The trailer for Slumpbusters is currently unavailable; why not try out Surviving the downturn?
Gregg Wallace: The global financial crisis has shaken our economy to its foundation. And all across Britain we’re feeling the impact. Bills are rising fast, jobs are disappearing and house prices are falling. So how did we get into this mess? Tonight, in the fourth part of Credit Crash Britain, with household bills going through the roof I’ll be looking at how we’ve all been forced to change the way we spend our money. Food prices have risen dramatically over the last twelve months, putting a strain on all our wallets. Now millions of us are flocking to the discount supermarkets.
Richard Perks: There is definitely a battle going on between the major supermarkets and the discounters and it’s going to continue, it’s a fact of life.
Gregg Wallace: But just who are they and what’s behind their low prices?
Mike Dawson: People think of them as a very small operation but that’s not the case. You are talking about a €48bn animal.
Gregg Wallace: Tonight they open their doors and reveal their trade secrets.
Richard Perks: I can absolutely guarantee you 20% savings, if you buy a full shop with us it’s more like 30%.
Gregg Wallace: We go behind the scenes at Tesco as they fight back with a new discount range.
Richard Brasher: What you have to be is a bit more chameleon-like. As the economy changes as customers’ needs change, you have to make sure that you evolve with them.
Gregg Wallace: And, can our group of tasters spot the difference between a budget Christmas dinner and one twice the price?
Christmas Lunch Taster: I’d be really impressed if this was the budget option.
Gregg Wallace: I’m Gregg Wallace, and you usually find me judging food or selling fruit and veg, but tonight I’m leaving all of that behind, I’m entering the world of the discount supermarket. I’m going to be tasting their food and finding out why it is people are turning to them. Now, is it possible to be very good and very cheap?
The full programme was broadcast on Thursday 20th November 2008 on BBC TWO.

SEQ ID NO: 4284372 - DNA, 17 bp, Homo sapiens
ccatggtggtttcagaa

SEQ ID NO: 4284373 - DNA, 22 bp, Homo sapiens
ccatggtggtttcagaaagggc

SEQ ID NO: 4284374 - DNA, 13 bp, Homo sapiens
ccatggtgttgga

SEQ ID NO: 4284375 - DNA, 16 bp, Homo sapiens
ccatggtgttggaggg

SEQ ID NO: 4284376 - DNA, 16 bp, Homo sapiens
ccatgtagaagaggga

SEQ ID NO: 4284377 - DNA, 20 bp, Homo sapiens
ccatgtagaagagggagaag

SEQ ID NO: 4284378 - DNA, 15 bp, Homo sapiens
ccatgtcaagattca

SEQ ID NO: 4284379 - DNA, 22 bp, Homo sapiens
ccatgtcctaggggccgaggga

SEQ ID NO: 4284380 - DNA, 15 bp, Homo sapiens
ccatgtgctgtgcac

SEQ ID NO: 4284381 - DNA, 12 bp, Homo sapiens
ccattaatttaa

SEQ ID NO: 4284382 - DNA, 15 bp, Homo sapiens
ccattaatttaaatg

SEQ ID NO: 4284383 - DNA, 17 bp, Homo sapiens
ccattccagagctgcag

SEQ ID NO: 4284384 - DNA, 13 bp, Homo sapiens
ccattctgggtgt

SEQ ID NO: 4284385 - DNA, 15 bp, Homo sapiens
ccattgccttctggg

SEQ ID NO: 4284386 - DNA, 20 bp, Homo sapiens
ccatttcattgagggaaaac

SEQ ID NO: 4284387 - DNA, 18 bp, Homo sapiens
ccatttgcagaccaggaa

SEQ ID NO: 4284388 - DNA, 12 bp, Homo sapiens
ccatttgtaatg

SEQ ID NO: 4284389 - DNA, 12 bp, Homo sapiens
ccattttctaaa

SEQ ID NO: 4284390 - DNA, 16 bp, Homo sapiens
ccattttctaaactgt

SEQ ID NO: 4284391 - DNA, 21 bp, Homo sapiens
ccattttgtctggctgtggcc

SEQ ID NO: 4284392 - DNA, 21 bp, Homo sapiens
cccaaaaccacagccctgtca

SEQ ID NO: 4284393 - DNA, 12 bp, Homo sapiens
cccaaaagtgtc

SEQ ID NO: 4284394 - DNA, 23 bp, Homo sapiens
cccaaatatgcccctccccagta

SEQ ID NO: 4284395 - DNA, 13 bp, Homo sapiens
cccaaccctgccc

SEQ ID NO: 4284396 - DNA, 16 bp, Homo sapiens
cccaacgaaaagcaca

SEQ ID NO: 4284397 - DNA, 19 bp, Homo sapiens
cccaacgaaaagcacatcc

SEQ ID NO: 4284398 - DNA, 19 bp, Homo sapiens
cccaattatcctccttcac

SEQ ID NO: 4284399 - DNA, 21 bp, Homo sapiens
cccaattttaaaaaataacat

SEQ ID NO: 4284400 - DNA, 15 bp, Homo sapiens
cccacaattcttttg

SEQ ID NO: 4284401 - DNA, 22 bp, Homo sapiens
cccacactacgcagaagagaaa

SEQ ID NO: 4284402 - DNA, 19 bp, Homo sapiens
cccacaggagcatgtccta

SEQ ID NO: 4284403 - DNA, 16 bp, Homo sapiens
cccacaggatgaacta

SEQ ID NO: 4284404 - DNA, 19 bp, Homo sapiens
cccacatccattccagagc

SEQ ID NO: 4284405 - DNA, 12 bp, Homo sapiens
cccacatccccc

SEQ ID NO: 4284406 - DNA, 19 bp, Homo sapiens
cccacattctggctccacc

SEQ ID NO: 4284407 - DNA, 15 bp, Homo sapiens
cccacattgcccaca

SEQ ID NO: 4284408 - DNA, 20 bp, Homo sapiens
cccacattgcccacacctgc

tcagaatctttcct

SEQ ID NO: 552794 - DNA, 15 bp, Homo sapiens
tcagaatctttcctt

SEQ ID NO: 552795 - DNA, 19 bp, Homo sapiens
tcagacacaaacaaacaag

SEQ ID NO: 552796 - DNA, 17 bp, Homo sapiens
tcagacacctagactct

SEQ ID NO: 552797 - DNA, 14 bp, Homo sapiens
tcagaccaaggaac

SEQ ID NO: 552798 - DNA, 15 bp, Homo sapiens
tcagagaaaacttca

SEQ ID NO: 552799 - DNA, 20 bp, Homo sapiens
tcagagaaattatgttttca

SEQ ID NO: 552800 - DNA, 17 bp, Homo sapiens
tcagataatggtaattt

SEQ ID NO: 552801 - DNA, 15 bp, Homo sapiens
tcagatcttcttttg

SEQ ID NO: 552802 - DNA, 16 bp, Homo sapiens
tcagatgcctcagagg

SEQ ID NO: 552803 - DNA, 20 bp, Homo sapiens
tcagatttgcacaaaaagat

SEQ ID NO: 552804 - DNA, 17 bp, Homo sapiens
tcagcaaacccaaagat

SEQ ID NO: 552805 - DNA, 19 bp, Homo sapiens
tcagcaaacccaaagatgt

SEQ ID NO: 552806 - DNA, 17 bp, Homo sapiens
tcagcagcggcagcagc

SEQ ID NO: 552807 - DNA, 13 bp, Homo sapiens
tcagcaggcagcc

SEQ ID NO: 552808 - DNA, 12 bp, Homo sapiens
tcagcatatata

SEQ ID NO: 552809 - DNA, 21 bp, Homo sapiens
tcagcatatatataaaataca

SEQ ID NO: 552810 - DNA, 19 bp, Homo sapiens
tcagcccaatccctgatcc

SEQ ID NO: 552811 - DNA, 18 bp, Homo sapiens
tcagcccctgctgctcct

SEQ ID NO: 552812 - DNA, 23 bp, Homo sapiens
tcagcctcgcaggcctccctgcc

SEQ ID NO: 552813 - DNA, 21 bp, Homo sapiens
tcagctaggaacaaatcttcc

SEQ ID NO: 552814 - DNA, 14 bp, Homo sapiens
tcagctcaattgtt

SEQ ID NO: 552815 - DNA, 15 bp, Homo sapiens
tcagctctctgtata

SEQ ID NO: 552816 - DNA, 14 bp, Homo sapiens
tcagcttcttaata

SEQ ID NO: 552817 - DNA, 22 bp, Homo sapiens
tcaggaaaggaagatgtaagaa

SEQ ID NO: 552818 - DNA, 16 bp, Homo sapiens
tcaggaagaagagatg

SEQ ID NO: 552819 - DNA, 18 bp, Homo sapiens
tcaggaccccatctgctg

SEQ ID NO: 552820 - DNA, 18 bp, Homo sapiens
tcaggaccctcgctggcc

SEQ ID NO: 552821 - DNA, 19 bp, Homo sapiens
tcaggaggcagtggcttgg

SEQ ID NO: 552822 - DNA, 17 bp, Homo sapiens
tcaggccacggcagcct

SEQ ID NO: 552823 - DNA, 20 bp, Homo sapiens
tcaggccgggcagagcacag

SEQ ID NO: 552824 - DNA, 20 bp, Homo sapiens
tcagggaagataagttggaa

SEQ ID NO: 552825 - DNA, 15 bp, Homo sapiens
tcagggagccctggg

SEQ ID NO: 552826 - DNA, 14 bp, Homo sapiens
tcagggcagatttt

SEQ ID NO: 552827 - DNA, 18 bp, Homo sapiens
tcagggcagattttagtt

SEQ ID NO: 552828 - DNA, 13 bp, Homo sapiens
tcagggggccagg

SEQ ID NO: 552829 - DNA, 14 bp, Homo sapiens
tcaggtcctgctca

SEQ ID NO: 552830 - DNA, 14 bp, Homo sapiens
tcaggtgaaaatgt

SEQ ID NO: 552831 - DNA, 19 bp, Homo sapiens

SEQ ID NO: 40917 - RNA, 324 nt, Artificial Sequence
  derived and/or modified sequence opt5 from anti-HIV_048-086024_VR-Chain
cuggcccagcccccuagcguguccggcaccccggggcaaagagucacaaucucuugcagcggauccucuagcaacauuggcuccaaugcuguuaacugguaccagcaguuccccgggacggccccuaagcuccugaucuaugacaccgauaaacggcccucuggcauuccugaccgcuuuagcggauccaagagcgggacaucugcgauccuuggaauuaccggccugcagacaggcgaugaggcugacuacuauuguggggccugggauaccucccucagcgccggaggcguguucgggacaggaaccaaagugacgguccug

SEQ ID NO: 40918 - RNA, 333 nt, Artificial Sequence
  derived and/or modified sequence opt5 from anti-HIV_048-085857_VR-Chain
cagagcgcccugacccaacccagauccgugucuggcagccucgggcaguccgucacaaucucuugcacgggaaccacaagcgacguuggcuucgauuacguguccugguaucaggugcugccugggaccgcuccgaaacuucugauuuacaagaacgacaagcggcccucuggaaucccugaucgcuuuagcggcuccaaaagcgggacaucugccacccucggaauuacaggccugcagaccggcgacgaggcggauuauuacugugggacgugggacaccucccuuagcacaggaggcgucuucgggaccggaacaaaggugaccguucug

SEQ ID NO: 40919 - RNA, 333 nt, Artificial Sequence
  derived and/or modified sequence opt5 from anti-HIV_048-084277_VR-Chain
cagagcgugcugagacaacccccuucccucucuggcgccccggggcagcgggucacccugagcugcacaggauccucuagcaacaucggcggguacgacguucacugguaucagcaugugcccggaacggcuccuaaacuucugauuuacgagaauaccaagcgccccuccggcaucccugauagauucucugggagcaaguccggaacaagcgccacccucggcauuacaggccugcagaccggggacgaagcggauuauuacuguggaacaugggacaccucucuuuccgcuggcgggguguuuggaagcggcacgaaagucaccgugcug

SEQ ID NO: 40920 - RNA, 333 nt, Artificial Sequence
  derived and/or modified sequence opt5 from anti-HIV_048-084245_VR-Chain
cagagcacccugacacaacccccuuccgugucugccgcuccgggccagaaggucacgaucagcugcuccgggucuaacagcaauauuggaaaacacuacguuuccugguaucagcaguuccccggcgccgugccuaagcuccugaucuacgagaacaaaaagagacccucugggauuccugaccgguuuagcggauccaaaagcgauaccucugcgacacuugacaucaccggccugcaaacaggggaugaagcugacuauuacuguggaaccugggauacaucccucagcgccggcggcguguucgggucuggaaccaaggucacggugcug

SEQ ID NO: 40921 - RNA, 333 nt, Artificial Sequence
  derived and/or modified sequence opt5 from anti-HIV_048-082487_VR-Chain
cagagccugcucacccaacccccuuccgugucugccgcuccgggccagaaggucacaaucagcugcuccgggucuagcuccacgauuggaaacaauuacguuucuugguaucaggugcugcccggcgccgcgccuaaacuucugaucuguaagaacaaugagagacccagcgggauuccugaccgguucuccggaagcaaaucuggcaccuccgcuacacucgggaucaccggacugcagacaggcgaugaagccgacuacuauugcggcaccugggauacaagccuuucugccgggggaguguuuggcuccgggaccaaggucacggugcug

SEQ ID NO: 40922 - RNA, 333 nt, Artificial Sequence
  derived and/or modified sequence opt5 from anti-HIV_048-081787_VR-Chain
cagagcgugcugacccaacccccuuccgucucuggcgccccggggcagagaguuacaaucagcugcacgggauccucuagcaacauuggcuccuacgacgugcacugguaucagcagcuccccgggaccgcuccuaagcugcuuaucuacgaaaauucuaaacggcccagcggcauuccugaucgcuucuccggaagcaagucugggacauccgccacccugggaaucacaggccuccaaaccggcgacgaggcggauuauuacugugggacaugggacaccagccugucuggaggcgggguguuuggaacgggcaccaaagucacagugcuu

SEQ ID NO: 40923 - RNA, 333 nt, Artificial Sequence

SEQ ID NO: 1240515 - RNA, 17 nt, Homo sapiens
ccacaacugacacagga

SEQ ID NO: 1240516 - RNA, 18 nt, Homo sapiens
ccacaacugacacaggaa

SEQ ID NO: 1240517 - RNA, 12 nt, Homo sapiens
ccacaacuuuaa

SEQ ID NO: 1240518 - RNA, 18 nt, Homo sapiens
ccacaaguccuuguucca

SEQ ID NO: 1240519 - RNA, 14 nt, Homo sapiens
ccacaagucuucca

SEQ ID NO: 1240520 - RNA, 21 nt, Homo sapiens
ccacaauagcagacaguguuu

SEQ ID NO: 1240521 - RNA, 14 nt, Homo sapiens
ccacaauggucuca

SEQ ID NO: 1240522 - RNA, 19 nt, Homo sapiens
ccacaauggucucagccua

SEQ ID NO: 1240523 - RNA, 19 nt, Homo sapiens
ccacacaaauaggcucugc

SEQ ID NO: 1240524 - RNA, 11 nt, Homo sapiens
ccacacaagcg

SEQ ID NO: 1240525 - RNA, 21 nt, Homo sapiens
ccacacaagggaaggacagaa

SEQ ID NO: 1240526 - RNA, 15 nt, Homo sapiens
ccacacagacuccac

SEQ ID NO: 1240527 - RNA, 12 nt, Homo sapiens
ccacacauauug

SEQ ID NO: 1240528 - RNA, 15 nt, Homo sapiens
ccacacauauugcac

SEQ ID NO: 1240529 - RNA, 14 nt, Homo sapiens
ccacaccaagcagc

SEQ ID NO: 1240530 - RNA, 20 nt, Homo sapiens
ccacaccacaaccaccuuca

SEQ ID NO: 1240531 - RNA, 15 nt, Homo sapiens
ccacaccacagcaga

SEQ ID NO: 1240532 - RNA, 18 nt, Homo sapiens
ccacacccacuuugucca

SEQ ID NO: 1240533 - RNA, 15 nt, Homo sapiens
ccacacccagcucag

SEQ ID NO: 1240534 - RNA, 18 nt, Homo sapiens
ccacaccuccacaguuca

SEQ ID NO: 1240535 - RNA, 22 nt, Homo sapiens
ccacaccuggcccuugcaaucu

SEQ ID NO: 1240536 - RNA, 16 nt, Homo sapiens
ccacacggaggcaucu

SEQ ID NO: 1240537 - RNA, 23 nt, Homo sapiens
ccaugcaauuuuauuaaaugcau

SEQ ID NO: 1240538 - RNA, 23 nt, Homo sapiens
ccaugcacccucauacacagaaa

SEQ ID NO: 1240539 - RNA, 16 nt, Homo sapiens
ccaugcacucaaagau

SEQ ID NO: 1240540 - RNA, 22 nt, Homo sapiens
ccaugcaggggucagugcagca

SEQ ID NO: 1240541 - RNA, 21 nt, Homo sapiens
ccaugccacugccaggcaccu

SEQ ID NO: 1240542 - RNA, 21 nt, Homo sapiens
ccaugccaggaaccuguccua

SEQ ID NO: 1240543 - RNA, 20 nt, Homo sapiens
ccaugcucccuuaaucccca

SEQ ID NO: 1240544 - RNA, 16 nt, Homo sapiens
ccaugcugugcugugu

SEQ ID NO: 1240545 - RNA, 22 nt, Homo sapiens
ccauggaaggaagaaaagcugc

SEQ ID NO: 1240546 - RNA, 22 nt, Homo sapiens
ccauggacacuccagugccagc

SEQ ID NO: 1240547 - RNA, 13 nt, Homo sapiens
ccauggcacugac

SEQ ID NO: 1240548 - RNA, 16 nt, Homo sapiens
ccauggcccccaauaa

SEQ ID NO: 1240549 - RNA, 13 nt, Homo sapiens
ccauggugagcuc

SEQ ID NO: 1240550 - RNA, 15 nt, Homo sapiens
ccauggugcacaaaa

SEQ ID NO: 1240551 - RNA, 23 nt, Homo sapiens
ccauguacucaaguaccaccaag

Max Flint: The global financial crisis has shaken our economy to its foundations, and all across Britain we’re feeling the impact. Bills are rising fast while jobs are disappearing and house prices are falling. So how did we get into this mess?
Tonight, in the third part of Credit Crash Britain, we go inside the wreckage of the property market and report on the end of a beautiful affair between the British and our love of buying homes. As property prices slide, up to two million people could be in negative equity by 2010.
Merryn Somerset-Webb: The house feels like a burden. It doesn’t feel like a home any more.
Max Flint: And if you want to buy, the credit crash has ended cheap mortgages.
Dan Thomas: I think the speed and severity of this downturn is unprecedented. There’s a whole generation of homebuyers who’ve never seen this sort of situation before.
Max Flint: Frustrated first time buyers may be forced to rent for years.
James Cummings: The problem with renting is it sort of feels like you’re throwing money into a black hole.
Max Flint: But is renting the smartest move you could ever make?
Andrew Teacher: Where your mortgage payments and the interest is really starting to effect your quality of life, people are starting to realise that renting is often the better option.
Max Flint: Which makes more money? Is it buying or renting? We've been doing the sums.